AGERANGE: Ages 12 up.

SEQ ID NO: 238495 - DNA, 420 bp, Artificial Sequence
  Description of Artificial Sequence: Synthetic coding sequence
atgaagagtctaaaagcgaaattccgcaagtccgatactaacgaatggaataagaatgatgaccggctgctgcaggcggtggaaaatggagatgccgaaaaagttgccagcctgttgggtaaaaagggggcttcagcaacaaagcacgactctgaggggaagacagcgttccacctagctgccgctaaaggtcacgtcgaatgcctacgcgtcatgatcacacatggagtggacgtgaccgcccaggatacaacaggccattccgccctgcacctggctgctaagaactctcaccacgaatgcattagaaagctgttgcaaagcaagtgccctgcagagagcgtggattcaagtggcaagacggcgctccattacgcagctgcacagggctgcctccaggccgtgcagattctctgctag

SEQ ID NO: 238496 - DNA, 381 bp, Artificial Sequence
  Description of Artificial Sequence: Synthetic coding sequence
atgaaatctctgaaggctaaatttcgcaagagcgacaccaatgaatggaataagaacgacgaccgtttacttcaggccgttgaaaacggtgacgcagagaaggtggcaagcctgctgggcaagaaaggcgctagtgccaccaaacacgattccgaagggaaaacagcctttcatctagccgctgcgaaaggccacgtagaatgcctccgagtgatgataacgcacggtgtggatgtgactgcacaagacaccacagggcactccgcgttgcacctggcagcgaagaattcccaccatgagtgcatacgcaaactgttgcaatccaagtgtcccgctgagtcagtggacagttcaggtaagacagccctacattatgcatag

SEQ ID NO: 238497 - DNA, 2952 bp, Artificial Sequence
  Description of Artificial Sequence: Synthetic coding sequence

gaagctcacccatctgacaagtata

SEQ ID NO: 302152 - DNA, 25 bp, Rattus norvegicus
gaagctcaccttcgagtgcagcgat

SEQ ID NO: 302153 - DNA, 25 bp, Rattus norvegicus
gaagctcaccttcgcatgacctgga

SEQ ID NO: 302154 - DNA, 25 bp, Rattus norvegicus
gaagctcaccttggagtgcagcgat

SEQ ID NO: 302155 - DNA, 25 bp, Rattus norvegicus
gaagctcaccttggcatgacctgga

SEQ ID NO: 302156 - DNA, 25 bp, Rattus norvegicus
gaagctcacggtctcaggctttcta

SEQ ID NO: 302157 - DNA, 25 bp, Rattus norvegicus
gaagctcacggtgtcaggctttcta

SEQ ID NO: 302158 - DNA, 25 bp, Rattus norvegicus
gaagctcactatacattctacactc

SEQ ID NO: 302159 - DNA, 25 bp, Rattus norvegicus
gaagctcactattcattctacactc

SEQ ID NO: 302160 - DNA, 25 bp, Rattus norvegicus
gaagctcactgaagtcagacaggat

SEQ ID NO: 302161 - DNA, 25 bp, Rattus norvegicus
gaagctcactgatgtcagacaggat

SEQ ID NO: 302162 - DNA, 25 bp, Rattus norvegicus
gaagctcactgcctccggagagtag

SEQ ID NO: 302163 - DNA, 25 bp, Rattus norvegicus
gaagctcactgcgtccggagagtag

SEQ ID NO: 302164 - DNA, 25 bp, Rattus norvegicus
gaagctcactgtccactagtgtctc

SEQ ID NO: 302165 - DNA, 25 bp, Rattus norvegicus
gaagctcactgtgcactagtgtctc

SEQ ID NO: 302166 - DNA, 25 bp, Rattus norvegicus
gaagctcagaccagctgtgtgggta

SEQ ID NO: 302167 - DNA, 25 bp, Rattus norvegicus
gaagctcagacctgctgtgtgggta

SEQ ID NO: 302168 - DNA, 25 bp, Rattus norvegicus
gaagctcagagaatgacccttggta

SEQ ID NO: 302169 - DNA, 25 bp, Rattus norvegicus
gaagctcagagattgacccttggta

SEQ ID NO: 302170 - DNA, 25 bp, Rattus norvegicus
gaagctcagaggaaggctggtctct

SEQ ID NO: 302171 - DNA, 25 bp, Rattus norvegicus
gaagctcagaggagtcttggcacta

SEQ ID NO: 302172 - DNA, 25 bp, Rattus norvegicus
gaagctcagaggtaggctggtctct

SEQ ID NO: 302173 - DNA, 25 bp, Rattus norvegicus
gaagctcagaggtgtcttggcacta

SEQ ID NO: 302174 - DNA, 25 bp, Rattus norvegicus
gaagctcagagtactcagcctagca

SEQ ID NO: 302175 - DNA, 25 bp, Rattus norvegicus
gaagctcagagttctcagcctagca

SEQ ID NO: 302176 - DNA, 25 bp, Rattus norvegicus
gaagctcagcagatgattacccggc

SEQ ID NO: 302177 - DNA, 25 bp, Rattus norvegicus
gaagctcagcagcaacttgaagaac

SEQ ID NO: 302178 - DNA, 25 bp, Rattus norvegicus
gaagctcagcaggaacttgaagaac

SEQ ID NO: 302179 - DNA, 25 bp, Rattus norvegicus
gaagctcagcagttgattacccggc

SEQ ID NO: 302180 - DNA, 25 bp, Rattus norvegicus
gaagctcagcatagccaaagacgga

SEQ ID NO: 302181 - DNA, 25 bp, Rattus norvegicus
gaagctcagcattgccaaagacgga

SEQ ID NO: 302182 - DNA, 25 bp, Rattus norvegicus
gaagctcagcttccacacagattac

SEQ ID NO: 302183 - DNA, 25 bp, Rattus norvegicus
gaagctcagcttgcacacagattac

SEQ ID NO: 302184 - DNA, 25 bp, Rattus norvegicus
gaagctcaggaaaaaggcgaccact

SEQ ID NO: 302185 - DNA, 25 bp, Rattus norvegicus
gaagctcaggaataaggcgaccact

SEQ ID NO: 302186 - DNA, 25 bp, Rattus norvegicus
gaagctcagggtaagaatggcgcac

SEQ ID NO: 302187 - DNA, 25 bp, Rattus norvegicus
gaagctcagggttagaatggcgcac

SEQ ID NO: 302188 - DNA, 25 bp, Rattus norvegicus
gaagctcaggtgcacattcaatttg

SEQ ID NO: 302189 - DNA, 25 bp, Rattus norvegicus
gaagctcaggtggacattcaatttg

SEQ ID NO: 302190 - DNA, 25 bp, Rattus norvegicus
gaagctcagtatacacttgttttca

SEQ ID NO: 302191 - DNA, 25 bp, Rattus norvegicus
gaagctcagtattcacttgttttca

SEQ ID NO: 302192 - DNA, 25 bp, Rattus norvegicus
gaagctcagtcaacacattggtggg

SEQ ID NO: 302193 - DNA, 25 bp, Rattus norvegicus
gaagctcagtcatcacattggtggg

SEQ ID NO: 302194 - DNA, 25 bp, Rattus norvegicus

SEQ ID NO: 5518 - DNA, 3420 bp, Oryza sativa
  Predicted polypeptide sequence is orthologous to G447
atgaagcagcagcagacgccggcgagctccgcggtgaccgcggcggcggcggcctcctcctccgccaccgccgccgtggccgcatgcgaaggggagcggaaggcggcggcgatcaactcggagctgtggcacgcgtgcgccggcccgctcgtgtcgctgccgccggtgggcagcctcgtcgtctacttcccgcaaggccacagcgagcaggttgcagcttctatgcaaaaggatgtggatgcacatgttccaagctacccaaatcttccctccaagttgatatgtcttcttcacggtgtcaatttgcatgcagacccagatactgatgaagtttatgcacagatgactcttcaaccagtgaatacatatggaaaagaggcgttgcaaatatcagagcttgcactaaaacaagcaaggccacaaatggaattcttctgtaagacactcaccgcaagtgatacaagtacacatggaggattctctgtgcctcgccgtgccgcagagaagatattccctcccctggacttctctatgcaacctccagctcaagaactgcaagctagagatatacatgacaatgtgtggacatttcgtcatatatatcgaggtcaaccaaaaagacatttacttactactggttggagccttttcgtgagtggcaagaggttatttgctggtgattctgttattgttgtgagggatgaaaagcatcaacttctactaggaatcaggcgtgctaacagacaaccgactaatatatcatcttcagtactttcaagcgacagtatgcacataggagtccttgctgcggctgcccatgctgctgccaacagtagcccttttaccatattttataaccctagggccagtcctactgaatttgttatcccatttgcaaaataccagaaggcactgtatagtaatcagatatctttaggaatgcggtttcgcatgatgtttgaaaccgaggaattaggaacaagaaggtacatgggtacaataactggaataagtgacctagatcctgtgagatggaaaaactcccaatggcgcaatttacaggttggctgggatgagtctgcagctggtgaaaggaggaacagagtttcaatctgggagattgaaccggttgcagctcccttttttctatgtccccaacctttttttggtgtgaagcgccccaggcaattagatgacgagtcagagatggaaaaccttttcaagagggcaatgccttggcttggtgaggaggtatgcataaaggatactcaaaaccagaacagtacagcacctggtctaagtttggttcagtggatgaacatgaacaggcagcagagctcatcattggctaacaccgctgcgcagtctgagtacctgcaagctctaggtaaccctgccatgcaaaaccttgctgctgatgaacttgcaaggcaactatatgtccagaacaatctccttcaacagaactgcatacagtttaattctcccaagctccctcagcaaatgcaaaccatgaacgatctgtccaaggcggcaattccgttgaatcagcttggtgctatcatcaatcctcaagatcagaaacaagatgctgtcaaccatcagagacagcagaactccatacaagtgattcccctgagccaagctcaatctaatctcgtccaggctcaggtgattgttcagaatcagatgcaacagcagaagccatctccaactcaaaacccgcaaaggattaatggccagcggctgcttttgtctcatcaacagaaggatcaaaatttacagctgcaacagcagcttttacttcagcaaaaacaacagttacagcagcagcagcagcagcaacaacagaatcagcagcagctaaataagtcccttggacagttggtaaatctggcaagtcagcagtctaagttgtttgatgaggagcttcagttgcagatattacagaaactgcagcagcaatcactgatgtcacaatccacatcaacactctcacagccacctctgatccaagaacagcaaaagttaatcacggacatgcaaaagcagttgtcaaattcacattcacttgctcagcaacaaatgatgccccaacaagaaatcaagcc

"Up Ship!" That is the cry of the Aurora crew as the airship takes flight over the Pacificus ocean. Thus begins this adventure of the skies filled with a luxury airship, dedicated crew, rich passengers, greedy pirates, mid-air rescue, shipwreck, and a dead man's discovery of a strange creature. Matt Cruse, a cabin boy who aspires to be sailmaker, is the likable protagonist in this captivating tale. This lighter than air cabin boy proves his mettle when he attempts and succeeds in rescuing an elderly man from a damaged hot air balloon stranded in the sky. Although the man ultimately dies, he leaves behind a journal with entries and sketches of fantastic sightings of flying creatures--half mammal and half reptile. One year later, his granddaughter Kate DeVries, is flying over the Pacificus on the Aurora to try to validate her grandfather's sightings. When this headstrong heroine joins forces with Matt Cruse, sparks fly. They outsmart her dreadful chaperone, defy ship regulations, and battle fierce pirates in moving toward Kate's goal. Matt is an engaging character. His heart is in the right place and he always tries to do the right thing, even in the face of difficult circumstances. When Captain Walken informs him that he has lost his promotion to sailmaker because of nepotism, Matt soldiers on, chin held high, no dereliction in duties. And when facing down pirates and the carnivorous cloud creature, Matt keeps his cool. This recording, which includes ten CDs and lasts ten hours, will leave listeners hanging on the edge of their seats. The voices of the actors bring the characters to life; they are full of enthusiasm, evil intent, haughtiness, and pride, as thesituation demands. The recording has such energy and will transport listeners to a different place and time as they get caught up in this good, old-fashioned, thrilling adventure story. The print version of the book, on which the recording is based, was selected as a Printz Honor Book. Reviewer: Jeanne K. Pettenati, J.D.